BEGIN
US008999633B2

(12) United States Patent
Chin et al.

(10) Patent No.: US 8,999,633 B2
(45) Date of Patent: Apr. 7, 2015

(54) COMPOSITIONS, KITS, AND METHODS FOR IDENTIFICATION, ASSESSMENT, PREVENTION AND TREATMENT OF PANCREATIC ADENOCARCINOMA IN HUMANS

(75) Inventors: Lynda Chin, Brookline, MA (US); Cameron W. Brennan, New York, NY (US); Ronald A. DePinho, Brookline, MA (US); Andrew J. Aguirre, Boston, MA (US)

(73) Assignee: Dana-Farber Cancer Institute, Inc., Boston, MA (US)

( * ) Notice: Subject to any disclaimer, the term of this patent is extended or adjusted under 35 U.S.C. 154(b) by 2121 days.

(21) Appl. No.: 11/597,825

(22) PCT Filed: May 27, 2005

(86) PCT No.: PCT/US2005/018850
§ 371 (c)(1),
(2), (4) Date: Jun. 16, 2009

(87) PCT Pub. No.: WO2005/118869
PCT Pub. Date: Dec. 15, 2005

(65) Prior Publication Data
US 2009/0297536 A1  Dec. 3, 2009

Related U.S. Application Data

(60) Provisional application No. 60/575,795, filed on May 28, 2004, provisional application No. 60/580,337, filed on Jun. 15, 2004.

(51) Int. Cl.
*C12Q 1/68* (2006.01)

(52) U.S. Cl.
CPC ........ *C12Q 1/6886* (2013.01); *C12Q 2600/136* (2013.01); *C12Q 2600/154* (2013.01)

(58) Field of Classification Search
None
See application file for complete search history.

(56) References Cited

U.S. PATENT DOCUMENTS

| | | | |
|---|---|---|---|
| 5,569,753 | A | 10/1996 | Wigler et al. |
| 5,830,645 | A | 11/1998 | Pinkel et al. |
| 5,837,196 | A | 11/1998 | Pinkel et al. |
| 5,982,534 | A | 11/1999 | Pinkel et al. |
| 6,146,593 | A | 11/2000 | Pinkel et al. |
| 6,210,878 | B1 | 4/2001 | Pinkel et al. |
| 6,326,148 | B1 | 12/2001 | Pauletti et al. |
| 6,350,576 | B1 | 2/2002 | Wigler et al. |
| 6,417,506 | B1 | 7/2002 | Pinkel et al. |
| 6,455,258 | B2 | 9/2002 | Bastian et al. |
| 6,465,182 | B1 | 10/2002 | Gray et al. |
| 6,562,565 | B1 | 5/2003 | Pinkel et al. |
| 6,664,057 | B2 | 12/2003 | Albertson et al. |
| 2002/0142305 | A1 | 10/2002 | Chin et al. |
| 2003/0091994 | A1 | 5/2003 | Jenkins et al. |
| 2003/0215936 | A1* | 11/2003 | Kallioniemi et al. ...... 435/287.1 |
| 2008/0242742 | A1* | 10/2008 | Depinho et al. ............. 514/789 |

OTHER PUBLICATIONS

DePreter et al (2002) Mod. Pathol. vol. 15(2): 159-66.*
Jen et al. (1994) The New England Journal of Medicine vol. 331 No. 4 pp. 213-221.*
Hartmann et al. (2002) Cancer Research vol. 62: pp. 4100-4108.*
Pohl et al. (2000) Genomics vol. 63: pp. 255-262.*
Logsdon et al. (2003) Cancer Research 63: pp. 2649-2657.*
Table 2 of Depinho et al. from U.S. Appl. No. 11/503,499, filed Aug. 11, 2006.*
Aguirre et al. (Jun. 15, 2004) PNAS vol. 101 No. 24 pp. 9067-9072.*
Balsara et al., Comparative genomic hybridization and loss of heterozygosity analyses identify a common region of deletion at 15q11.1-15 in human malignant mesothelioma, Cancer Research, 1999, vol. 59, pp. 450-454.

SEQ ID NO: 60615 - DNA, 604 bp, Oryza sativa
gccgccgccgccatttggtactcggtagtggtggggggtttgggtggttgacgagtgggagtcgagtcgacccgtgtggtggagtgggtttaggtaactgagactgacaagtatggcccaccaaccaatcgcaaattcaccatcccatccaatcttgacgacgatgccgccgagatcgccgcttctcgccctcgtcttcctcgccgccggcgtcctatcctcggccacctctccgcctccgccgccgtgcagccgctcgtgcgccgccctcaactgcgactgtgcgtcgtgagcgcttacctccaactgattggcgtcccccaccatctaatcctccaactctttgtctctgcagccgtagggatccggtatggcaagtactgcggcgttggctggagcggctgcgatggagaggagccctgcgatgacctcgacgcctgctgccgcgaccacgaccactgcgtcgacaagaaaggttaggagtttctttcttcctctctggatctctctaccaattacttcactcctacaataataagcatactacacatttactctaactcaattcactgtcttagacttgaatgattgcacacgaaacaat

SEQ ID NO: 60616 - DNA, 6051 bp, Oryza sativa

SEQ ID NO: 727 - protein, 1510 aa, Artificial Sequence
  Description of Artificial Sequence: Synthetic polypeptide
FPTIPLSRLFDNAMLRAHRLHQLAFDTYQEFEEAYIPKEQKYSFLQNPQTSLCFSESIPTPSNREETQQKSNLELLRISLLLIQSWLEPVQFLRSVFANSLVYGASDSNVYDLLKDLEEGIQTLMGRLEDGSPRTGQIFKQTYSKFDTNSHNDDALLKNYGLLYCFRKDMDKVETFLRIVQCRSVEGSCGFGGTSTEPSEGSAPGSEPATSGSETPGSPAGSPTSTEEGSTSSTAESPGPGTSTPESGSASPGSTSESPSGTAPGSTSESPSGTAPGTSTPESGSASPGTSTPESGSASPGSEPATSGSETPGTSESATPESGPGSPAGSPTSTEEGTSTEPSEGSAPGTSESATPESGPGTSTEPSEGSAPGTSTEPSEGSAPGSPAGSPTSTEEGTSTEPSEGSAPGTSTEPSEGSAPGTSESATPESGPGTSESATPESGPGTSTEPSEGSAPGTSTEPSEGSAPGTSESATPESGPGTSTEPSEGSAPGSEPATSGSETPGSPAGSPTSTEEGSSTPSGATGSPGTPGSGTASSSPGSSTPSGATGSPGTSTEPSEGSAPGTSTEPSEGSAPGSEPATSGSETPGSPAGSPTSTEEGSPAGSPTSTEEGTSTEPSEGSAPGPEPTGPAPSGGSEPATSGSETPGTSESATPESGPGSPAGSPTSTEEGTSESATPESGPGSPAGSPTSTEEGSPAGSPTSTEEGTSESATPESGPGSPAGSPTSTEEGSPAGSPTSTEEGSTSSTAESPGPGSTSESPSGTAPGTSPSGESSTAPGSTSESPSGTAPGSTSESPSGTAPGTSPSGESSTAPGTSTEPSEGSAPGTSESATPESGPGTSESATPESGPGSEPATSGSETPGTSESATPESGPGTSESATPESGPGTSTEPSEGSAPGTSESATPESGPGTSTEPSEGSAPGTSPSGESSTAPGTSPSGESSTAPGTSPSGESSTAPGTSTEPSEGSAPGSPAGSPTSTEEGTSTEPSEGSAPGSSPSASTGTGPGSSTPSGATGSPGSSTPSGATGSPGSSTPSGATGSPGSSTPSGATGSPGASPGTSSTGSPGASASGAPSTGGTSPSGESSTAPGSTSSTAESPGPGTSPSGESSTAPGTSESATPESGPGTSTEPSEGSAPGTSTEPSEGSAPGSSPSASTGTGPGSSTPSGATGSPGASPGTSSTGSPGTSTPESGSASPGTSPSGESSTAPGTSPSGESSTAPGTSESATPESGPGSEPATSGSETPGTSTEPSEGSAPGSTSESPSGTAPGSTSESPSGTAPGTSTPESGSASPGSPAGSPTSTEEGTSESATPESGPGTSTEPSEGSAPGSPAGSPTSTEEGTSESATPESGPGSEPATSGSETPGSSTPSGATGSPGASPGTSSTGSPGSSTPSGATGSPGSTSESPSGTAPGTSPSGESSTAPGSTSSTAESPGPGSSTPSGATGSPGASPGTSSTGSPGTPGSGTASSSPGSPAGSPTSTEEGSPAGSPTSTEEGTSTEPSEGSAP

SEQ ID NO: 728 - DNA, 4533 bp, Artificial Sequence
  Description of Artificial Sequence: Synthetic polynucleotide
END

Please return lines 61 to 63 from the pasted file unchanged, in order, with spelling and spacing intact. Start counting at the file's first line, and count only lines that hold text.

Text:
SEQ ID NO: 727 - protein, 1510 aa, Artificial Sequence
  Description of Artificial Sequence: Synthetic polypeptide
FPTIPLSRLFDNAMLRAHRLHQLAFDTYQEFEEAYIPKEQKYSFLQNPQTSLCFSESIPTPSNREETQQKSNLELLRISLLLIQSWLEPVQFLRSVFANSLVYGASDSNVYDLLKDLEEGIQTLMGRLEDGSPRTGQIFKQTYSKFDTNSHNDDALLKNYGLLYCFRKDMDKVETFLRIVQCRSVEGSCGFGGTSTEPSEGSAPGSEPATSGSETPGSPAGSPTSTEEGSTSSTAESPGPGTSTPESGSASPGSTSESPSGTAPGSTSESPSGTAPGTSTPESGSASPGTSTPESGSASPGSEPATSGSETPGTSESATPESGPGSPAGSPTSTEEGTSTEPSEGSAPGTSESATPESGPGTSTEPSEGSAPGTSTEPSEGSAPGSPAGSPTSTEEGTSTEPSEGSAPGTSTEPSEGSAPGTSESATPESGPGTSESATPESGPGTSTEPSEGSAPGTSTEPSEGSAPGTSESATPESGPGTSTEPSEGSAPGSEPATSGSETPGSPAGSPTSTEEGSSTPSGATGSPGTPGSGTASSSPGSSTPSGATGSPGTSTEPSEGSAPGTSTEPSEGSAPGSEPATSGSETPGSPAGSPTSTEEGSPAGSPTSTEEGTSTEPSEGSAPGPEPTGPAPSGGSEPATSGSETPGTSESATPESGPGSPAGSPTSTEEGTSESATPESGPGSPAGSPTSTEEGSPAGSPTSTEEGTSESATPESGPGSPAGSPTSTEEGSPAGSPTSTEEGSTSSTAESPGPGSTSESPSGTAPGTSPSGESSTAPGSTSESPSGTAPGSTSESPSGTAPGTSPSGESSTAPGTSTEPSEGSAPGTSESATPESGPGTSESATPESGPGSEPATSGSETPGTSESATPESGPGTSESATPESGPGTSTEPSEGSAPGTSESATPESGPGTSTEPSEGSAPGTSPSGESSTAPGTSPSGESSTAPGTSPSGESSTAPGTSTEPSEGSAPGSPAGSPTSTEEGTSTEPSEGSAPGSSPSASTGTGPGSSTPSGATGSPGSSTPSGATGSPGSSTPSGATGSPGSSTPSGATGSPGASPGTSSTGSPGASASGAPSTGGTSPSGESSTAPGSTSSTAESPGPGTSPSGESSTAPGTSESATPESGPGTSTEPSEGSAPGTSTEPSEGSAPGSSPSASTGTGPGSSTPSGATGSPGASPGTSSTGSPGTSTPESGSASPGTSPSGESSTAPGTSPSGESSTAPGTSESATPESGPGSEPATSGSETPGTSTEPSEGSAPGSTSESPSGTAPGSTSESPSGTAPGTSTPESGSASPGSPAGSPTSTEEGTSESATPESGPGTSTEPSEGSAPGSPAGSPTSTEEGTSESATPESGPGSEPATSGSETPGSSTPSGATGSPGASPGTSSTGSPGSSTPSGATGSPGSTSESPSGTAPGTSPSGESSTAPGSTSSTAESPGPGSSTPSGATGSPGASPGTSSTGSPGTPGSGTASSSPGSPAGSPTSTEEGSPAGSPTSTEEGTSTEPSEGSAP